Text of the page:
Shortlist for Port Botany rail duplication builders

By: Rob McKay

ARTC takes important step towards aiding container transport modal shift

Shortlist for Port Botany rail duplication builders
The rail and road approach to Port Botany


New South Wales is a step closer to boosting its ailing efforts to put more shipping containers to and from Port Botany on trains.

Modal shift targets aimed at reducing traffic congestion around the port and adjacent airport have failed to be met through the last decade and the percentage on rail has even shrunk.

But the Australian Rail Track Corporation (ARTC) has revealed that major firms are now shortlisted to design and construct the Botany Rail Duplication and Cabramatta Loop projects.

"Improving freight performance at Port Botany is critical for the economic growth and prosperity of Sydney, NSW and Australia with the amount of container freight handled by the Port set to significantly increase by 77 per cent to 25.5 million tonnes by 2036," ARTC CEO and MD John Fullerton says.

"Each freight train can take up to 54 trucks worth of freight off the road, tackling congestion and improving the everyday commute in Sydney.

"The Australian government has committed $400 million to meeting this future freight demand with the Botany Rail Duplication and new Cabramatta Loop projects long been identified as key projects to enable more freight to be transported by rail from Sydney.

"These two landmark projects will strike the balance between rail and road by duplicating the remaining single freight rail track section of the Botany Line between Mascot and Botany and constructing a new passing loop on the Southern Sydney Freight Line [SSFL] between Cabramatta Station and Warwick Farm Station to allow for freight trains up to 1,300 metres in length.

"Once completed, the Cabramatta Loop Project will allow freight trains travelling in either direction along the Southern Sydney Freight Line to pass each other and provide additional rail freight capacity for the network."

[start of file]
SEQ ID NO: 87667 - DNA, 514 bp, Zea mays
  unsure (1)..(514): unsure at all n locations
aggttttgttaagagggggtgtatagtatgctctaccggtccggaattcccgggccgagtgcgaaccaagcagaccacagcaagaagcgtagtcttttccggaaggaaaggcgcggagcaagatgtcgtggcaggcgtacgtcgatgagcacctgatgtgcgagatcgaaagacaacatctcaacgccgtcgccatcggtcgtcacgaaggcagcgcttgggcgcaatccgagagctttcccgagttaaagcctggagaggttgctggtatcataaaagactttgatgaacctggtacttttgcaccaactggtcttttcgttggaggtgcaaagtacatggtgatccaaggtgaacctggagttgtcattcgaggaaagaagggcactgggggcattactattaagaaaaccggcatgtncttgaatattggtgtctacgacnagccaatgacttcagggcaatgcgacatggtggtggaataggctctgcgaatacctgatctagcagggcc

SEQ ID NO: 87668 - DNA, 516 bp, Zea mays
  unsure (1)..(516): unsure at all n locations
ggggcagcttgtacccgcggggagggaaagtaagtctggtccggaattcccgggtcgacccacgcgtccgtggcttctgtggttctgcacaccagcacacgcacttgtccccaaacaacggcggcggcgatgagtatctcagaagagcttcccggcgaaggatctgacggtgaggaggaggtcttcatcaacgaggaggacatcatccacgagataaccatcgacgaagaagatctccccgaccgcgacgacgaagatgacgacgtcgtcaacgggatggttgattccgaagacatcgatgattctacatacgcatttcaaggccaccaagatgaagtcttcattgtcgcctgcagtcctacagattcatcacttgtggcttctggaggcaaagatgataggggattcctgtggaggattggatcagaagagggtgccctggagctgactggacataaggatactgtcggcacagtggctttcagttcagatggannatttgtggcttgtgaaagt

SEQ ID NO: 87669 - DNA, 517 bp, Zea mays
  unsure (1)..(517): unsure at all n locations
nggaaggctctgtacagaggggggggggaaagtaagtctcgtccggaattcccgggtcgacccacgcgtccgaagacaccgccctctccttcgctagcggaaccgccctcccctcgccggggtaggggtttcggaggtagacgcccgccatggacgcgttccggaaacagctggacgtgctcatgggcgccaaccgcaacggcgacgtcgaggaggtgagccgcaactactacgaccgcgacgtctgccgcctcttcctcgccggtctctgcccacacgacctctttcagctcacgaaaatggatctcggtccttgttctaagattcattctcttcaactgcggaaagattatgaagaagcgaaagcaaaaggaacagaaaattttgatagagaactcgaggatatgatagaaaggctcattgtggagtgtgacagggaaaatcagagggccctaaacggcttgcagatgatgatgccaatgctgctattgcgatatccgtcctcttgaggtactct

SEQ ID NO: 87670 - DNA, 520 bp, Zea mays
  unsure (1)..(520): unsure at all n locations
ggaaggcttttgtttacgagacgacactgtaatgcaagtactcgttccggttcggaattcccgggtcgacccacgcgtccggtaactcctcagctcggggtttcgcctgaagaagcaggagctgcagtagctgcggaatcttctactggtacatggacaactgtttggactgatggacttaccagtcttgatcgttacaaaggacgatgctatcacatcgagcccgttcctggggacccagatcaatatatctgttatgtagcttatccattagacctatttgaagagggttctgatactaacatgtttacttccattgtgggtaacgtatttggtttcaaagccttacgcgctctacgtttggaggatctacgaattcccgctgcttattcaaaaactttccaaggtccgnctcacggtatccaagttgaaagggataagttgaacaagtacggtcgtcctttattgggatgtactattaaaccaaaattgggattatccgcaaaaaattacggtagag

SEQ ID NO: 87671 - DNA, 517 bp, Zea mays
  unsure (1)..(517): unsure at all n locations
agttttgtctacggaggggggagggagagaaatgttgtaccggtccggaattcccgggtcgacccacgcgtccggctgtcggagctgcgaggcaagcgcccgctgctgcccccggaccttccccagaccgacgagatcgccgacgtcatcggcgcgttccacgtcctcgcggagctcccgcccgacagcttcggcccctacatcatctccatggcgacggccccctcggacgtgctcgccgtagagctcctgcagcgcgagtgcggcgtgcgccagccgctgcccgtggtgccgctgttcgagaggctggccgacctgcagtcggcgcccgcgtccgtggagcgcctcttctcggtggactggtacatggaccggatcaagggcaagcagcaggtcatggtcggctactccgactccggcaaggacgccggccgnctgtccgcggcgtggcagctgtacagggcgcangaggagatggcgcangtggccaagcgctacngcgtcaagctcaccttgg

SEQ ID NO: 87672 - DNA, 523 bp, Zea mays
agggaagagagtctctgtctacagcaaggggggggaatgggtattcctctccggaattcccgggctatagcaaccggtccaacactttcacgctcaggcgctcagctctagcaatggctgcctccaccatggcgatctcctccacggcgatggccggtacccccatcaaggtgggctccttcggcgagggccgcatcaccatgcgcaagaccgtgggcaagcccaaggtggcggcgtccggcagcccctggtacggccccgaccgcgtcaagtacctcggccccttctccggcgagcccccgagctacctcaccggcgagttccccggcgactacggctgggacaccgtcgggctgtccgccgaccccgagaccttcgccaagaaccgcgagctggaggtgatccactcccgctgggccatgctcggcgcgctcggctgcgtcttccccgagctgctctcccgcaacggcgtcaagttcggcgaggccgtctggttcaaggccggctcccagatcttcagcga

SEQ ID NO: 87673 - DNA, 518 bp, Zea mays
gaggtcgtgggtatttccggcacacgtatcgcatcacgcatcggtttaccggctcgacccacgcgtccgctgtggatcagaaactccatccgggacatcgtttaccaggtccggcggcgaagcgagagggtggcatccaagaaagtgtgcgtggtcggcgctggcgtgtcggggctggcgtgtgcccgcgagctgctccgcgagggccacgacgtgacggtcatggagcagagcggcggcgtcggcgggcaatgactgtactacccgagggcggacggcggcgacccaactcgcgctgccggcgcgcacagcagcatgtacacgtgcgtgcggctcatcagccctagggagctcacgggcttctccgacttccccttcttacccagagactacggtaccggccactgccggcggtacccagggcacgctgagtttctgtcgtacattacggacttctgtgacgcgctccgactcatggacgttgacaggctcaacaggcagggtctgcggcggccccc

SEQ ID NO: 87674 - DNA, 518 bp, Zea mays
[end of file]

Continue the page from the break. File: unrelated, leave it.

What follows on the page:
Read Pacific National’s Port Botany rail duplication call, here

The ARTC points out that the NSW Ports’ 30-year Master Plan shows 80 per cent of containers moving through Port Botany are delivered to locations within a 40km radius of the port, and port rail shuttles are essential to help move more of the freight task to and from outer Western and South Western Sydney freight precincts.

Three contractors have been shortlisted to bid for the Botany Rail Duplication Project including CPB Contractors, Laing O'Rourke and John Holland. Downer EDI, Fulton Hogan, and John Holland have been shortlisted to bid for the Cabramatta Loop Project.

"These major projects aim to improve rail capacity, flexibility and reliability for freight rail customers, encouraging more freight to shift from road to rail, and we are getting on with delivering these massive improvements," Fullerton says.

The formal tender process for both projects is to be undertaken this year.

The move was well received at Pacific National, which has called previously for progress on this duplication.

"Australia’s largest rail freight company, Pacific National, congratulates ARTC on progressing duplication of the remaining section of the Port Botany Freight Line, not to mention delivering an additional crossing loop on the already heavily congested Sydney train network," Pacific National CEO Dean Dalla Valle says.

"New South Wales’ 21st century trade economy can no longer be subjected to 19th century rail infrastructure.

"Getting regional freight trains and intermodal shuttle services in and out of Australia’s second largest port shouldn’t be a logistical nightmare in battling rail bottlenecks and pinch-points.

"Extra crossing loops are also a blessing for rail freight services – they act as ‘pressure valves’ to help free up capacity on Sydney’s incredibly busy shared rail network.

"Better rail freight connectivity to and from Port Botany will also encourage investment in intermodal terminals in Western Sydney, notably Pacific National’s proposed St Marys Freight Hub.

"Urban freight hubs help take trucks off congested Sydney roads and motorways, in the process reducing carbon emissions and road accidents and fatalities."


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